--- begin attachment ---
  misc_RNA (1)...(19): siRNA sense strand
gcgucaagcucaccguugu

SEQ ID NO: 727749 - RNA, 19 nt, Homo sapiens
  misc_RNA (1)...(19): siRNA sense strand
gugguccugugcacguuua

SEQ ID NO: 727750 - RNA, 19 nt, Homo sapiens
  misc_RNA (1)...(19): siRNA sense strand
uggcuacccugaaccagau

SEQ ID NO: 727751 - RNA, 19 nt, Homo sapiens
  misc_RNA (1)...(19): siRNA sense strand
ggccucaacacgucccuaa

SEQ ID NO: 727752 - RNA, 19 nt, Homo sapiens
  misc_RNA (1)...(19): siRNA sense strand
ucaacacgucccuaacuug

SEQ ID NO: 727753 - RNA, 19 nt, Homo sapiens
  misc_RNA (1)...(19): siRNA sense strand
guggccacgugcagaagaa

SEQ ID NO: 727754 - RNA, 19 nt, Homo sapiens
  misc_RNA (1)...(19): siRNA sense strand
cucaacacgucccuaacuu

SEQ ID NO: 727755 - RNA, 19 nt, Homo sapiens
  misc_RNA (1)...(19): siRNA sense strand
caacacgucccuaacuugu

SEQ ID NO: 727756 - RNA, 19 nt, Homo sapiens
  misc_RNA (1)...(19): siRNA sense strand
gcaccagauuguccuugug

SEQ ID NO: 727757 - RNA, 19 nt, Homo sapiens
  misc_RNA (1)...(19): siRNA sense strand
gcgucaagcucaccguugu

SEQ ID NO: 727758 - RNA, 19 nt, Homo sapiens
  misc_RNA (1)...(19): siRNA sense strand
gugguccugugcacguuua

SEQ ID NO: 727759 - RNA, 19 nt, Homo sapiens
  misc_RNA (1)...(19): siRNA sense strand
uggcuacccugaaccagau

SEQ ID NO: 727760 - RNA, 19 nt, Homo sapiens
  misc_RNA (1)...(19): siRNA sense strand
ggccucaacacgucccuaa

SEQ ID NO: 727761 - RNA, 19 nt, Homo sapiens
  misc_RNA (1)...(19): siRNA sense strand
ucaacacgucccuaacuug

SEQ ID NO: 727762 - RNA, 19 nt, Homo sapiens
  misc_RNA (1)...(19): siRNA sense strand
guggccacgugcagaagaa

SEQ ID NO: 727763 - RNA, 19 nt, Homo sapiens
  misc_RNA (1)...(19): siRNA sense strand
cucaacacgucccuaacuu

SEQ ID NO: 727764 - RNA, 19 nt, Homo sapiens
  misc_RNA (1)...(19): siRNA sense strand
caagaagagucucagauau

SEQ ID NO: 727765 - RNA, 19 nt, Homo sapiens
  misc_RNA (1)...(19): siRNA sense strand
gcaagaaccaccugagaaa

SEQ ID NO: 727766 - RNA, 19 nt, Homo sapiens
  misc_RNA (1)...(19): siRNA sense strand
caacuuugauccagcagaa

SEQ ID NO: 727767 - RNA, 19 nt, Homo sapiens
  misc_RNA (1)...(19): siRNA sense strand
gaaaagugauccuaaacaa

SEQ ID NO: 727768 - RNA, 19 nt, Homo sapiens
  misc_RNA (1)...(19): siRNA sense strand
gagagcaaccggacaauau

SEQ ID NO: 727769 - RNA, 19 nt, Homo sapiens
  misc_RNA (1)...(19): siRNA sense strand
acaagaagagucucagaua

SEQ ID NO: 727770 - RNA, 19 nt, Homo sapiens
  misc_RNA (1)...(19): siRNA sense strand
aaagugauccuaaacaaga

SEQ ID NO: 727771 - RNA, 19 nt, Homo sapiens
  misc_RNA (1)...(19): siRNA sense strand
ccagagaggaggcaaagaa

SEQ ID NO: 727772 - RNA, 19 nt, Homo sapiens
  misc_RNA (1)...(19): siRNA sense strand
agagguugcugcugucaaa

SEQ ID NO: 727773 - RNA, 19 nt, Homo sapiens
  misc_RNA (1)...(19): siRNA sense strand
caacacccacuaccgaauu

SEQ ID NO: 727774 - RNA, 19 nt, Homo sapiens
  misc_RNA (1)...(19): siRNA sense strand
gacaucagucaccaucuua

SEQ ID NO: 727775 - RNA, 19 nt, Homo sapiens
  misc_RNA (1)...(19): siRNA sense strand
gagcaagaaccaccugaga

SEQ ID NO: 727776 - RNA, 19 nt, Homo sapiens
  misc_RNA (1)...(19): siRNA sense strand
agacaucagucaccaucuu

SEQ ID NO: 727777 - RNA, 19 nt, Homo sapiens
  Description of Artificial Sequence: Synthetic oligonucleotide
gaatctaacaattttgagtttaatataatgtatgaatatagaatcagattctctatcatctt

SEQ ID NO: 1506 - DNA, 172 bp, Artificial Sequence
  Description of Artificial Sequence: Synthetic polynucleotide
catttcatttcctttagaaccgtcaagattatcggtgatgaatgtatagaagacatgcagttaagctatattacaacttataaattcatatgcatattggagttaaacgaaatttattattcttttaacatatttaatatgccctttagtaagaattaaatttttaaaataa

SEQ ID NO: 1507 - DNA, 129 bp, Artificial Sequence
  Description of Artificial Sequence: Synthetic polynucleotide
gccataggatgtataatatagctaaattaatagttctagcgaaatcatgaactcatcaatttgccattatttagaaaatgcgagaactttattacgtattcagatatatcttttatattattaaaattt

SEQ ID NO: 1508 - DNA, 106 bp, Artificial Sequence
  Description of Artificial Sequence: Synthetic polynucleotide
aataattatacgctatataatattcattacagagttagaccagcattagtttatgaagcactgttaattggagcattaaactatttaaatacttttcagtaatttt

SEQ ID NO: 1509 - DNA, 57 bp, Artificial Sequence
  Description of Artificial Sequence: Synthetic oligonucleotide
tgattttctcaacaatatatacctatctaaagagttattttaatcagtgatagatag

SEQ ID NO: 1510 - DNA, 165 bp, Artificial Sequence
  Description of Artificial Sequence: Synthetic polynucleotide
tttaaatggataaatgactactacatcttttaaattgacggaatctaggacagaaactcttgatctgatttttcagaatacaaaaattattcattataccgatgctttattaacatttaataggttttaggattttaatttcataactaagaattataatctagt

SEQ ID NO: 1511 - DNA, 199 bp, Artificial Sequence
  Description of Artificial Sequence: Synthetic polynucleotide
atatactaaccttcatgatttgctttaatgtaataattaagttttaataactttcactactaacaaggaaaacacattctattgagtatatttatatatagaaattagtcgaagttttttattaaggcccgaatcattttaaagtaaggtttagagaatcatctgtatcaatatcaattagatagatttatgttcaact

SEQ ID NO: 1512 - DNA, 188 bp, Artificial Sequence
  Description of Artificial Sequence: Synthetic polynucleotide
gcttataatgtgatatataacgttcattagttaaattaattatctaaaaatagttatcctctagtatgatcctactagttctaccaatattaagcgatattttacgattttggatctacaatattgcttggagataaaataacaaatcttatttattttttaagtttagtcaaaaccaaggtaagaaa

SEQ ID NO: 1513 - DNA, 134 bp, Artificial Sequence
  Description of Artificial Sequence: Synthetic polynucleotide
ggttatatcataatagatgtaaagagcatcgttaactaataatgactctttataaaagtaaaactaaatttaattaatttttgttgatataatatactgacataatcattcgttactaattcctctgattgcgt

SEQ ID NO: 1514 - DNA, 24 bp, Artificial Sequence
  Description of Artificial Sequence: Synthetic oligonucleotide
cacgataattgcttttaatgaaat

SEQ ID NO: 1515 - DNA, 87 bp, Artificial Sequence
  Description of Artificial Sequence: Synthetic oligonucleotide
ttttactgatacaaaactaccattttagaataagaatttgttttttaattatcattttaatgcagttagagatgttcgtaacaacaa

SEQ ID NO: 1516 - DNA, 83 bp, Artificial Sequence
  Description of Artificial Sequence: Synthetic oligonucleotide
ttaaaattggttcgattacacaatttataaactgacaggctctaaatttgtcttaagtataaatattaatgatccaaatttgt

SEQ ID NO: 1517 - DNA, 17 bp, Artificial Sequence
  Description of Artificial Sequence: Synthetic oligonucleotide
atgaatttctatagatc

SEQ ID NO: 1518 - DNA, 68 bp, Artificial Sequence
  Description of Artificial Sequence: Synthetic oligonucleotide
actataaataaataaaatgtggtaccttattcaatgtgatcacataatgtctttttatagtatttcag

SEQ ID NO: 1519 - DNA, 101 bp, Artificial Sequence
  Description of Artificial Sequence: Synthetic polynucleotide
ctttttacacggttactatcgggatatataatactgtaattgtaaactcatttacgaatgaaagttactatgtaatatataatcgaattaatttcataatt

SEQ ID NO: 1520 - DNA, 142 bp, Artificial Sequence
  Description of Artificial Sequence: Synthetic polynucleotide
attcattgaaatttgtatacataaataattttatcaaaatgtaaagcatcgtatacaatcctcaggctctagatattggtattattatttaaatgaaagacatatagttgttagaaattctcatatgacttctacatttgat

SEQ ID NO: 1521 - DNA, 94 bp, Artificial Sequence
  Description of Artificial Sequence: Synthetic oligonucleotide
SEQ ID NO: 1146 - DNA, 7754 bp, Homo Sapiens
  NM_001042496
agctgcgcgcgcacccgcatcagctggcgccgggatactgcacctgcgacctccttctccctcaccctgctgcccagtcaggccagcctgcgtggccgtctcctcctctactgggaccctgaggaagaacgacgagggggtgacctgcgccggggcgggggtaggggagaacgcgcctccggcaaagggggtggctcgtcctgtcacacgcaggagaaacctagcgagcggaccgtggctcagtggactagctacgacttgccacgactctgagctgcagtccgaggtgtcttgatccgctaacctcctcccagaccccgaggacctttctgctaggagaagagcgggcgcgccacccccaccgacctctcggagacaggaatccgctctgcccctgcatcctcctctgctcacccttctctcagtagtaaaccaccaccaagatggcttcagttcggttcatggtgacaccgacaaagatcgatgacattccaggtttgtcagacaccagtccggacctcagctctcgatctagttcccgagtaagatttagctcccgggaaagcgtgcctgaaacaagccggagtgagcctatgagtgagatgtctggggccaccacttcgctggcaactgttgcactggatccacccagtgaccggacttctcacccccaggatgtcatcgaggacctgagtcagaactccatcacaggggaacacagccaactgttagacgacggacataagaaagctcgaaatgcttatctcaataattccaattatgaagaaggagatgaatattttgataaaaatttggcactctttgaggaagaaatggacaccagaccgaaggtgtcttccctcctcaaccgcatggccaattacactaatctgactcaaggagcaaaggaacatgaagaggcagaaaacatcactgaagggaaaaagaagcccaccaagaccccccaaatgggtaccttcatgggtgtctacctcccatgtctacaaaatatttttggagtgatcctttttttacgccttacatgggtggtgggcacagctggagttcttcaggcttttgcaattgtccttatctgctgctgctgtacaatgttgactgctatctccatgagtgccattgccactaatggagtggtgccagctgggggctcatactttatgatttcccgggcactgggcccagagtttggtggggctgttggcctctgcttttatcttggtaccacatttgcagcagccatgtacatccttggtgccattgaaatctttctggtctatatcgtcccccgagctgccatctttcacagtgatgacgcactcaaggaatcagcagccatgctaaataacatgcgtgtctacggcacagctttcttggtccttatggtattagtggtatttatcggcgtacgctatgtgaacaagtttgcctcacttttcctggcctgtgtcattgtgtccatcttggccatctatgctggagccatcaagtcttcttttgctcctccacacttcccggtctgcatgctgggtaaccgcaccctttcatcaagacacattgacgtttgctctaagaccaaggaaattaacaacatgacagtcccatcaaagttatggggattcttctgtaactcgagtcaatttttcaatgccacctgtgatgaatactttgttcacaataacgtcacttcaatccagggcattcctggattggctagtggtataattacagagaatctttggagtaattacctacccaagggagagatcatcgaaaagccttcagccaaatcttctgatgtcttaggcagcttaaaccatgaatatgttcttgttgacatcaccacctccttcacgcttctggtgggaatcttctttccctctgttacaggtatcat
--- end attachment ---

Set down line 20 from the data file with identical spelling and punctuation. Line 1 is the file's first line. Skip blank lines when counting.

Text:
cucaacacgucccuaacuu